Black Marble: The Earth at Night Like You've Never Seen It Before

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“Nothing tells us more about the spread of humans across the Earth than city lights.”

For three weeks spread out over April and October of this year, the Suomi NPP satellite (jointly of NASA and NOAA) scanned all the Earth's land as it appeared at night. Scientists then mapped the satellite's data -- 2.5 terabytes of it -- over an earlier Blue Marble image, transforming that picture's daytime blues, browns, and greens into a nightime palette of blues, blacks, and gold.

The Suomi NPP’s Visible Infrared Imaging Radiometer Suite can detect lights as faint as a lone highway lamp -- meaning pretty much any human outcropping where electricity runs. “Nothing tells us more about the spread of humans across the Earth than city lights,” says NOAA scientist Chris Elvidge. When you watch the video above (and do expand to full screen), you can see the at the horizon how the daylight masks human development, but as the land falls dark, the signals of our settlements glow bright, giving us, as NASA calls it, "a global view of the human footprint on the Earth."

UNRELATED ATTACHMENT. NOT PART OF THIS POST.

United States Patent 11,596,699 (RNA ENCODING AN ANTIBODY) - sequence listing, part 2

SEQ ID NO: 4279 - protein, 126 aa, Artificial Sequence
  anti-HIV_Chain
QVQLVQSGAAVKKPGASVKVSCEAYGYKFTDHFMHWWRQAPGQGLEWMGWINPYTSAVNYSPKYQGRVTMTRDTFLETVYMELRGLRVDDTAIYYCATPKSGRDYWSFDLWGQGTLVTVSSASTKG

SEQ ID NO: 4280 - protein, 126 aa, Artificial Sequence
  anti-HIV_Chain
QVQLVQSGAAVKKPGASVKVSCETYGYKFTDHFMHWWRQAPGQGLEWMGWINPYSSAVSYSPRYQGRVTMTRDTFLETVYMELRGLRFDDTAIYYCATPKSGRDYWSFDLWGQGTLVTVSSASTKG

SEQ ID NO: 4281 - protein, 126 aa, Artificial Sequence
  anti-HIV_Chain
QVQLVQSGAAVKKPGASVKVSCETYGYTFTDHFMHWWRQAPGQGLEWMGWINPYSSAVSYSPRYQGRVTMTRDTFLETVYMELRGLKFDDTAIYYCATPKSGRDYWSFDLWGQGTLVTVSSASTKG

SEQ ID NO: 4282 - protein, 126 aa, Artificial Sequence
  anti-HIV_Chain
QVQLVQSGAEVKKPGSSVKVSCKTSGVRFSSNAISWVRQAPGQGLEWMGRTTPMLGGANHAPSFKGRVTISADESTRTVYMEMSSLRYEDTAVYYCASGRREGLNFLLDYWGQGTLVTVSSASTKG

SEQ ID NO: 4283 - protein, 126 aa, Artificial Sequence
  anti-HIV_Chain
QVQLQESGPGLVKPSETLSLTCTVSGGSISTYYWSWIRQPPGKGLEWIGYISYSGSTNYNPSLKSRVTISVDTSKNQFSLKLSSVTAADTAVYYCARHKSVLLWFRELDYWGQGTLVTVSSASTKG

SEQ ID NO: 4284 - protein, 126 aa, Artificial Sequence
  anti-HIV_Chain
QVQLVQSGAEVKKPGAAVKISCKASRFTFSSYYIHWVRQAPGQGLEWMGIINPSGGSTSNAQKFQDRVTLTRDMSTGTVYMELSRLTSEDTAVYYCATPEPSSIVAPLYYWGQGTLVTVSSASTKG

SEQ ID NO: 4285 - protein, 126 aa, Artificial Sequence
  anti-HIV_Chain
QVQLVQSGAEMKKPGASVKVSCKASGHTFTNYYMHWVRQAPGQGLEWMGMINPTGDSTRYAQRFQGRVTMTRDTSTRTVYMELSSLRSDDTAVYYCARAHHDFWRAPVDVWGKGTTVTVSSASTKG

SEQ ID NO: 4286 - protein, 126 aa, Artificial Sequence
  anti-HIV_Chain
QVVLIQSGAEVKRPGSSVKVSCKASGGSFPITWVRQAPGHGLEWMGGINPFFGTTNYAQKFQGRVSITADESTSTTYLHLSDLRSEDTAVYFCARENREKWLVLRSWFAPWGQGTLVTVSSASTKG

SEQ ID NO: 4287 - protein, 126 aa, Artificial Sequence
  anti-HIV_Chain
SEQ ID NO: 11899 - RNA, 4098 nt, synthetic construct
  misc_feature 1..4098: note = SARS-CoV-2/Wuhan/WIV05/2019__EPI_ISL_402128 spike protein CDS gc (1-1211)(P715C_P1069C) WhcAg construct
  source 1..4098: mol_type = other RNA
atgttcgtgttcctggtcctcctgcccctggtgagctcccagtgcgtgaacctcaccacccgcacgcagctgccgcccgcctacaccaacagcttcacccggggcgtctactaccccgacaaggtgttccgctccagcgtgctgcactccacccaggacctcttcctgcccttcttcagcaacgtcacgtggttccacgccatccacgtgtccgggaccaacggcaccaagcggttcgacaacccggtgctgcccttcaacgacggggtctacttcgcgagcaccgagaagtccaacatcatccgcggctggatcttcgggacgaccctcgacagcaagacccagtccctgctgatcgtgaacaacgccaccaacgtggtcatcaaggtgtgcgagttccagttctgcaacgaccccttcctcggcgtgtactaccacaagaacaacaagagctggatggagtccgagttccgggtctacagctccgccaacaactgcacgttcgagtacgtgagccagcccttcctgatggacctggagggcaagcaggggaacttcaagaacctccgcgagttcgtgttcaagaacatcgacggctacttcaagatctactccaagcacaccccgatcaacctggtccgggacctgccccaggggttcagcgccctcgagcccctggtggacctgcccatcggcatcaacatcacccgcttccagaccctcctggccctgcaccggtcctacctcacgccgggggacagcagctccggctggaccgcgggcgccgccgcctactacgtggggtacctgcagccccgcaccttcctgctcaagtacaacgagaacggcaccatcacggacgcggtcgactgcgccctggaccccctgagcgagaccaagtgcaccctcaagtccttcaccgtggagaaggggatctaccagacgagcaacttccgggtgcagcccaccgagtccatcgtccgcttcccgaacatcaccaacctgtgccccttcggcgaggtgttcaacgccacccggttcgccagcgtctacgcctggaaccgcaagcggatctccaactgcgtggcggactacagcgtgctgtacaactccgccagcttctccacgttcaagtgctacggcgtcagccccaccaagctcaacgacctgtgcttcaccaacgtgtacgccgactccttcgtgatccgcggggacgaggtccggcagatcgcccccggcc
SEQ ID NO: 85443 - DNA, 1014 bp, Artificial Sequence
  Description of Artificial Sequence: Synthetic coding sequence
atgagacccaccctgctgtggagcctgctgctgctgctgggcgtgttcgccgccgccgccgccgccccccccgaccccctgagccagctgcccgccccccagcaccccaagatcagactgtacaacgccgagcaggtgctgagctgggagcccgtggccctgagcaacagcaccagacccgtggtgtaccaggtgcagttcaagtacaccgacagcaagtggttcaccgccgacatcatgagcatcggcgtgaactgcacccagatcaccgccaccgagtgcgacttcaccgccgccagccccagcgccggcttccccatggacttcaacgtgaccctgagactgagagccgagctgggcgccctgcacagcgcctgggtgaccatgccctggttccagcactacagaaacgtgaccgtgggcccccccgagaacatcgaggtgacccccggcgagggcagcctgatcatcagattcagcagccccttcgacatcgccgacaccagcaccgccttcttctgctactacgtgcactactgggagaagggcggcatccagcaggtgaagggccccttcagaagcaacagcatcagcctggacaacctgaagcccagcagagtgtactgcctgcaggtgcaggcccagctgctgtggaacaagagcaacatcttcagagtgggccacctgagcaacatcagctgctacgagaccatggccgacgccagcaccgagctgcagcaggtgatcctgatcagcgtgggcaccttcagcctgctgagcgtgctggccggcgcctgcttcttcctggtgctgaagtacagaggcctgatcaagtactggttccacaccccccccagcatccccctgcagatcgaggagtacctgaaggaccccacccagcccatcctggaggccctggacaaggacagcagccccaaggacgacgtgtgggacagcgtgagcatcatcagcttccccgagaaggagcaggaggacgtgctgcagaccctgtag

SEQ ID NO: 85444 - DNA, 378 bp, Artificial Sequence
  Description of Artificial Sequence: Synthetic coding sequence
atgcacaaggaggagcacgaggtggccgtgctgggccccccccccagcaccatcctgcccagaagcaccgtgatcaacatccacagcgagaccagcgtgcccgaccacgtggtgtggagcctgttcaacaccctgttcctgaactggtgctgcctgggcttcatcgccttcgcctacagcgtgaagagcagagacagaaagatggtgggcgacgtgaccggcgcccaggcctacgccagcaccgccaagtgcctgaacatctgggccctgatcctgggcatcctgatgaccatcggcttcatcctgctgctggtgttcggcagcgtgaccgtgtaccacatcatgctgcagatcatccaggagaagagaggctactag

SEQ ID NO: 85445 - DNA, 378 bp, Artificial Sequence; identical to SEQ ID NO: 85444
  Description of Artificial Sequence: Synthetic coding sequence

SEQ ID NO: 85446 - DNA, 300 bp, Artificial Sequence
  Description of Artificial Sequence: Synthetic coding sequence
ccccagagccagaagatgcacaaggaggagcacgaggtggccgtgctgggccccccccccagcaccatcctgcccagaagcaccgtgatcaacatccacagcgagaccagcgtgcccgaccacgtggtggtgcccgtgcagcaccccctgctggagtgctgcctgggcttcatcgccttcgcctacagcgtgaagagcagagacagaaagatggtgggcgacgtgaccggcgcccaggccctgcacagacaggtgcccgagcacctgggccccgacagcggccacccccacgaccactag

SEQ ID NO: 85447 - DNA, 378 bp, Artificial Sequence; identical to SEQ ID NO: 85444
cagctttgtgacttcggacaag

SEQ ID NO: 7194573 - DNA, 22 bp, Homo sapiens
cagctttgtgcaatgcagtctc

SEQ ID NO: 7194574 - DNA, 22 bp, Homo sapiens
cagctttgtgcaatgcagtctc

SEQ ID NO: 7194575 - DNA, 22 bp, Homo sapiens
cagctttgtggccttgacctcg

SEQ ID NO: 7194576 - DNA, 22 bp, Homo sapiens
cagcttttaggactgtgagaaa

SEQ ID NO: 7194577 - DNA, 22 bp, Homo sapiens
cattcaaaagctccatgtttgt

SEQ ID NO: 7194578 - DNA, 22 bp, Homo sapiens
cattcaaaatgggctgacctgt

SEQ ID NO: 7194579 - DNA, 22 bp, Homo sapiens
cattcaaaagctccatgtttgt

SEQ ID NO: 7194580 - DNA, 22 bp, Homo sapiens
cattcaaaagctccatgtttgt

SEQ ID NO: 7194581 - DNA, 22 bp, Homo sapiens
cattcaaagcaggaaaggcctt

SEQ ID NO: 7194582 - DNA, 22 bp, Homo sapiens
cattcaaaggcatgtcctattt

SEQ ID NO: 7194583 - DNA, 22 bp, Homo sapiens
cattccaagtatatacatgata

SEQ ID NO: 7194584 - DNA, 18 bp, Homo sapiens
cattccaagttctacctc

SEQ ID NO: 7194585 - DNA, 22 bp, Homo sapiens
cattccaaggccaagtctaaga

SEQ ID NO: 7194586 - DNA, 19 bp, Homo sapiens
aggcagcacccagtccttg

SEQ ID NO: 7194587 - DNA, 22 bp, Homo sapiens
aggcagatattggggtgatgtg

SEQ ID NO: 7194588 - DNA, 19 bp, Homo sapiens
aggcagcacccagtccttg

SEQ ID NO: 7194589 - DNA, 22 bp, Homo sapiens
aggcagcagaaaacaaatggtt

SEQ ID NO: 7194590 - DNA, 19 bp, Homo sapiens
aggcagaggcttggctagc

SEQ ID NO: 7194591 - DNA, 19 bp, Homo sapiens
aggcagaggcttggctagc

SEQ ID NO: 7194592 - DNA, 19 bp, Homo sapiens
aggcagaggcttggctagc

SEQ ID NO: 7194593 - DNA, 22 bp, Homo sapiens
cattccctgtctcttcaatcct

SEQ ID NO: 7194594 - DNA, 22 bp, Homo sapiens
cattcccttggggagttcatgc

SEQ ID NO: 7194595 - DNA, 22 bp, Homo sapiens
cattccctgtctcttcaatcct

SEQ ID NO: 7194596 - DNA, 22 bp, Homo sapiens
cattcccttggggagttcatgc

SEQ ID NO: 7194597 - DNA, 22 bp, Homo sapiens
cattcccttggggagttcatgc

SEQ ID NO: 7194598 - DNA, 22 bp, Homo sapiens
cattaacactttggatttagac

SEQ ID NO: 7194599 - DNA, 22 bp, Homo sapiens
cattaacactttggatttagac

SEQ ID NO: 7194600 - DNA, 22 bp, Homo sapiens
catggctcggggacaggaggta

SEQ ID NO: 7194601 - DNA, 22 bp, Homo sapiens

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Rebecca J. Rosen is a senior editor at The Atlantic, where she oversees the Business Channel. She was previously an associate editor at The Wilson Quarterly.

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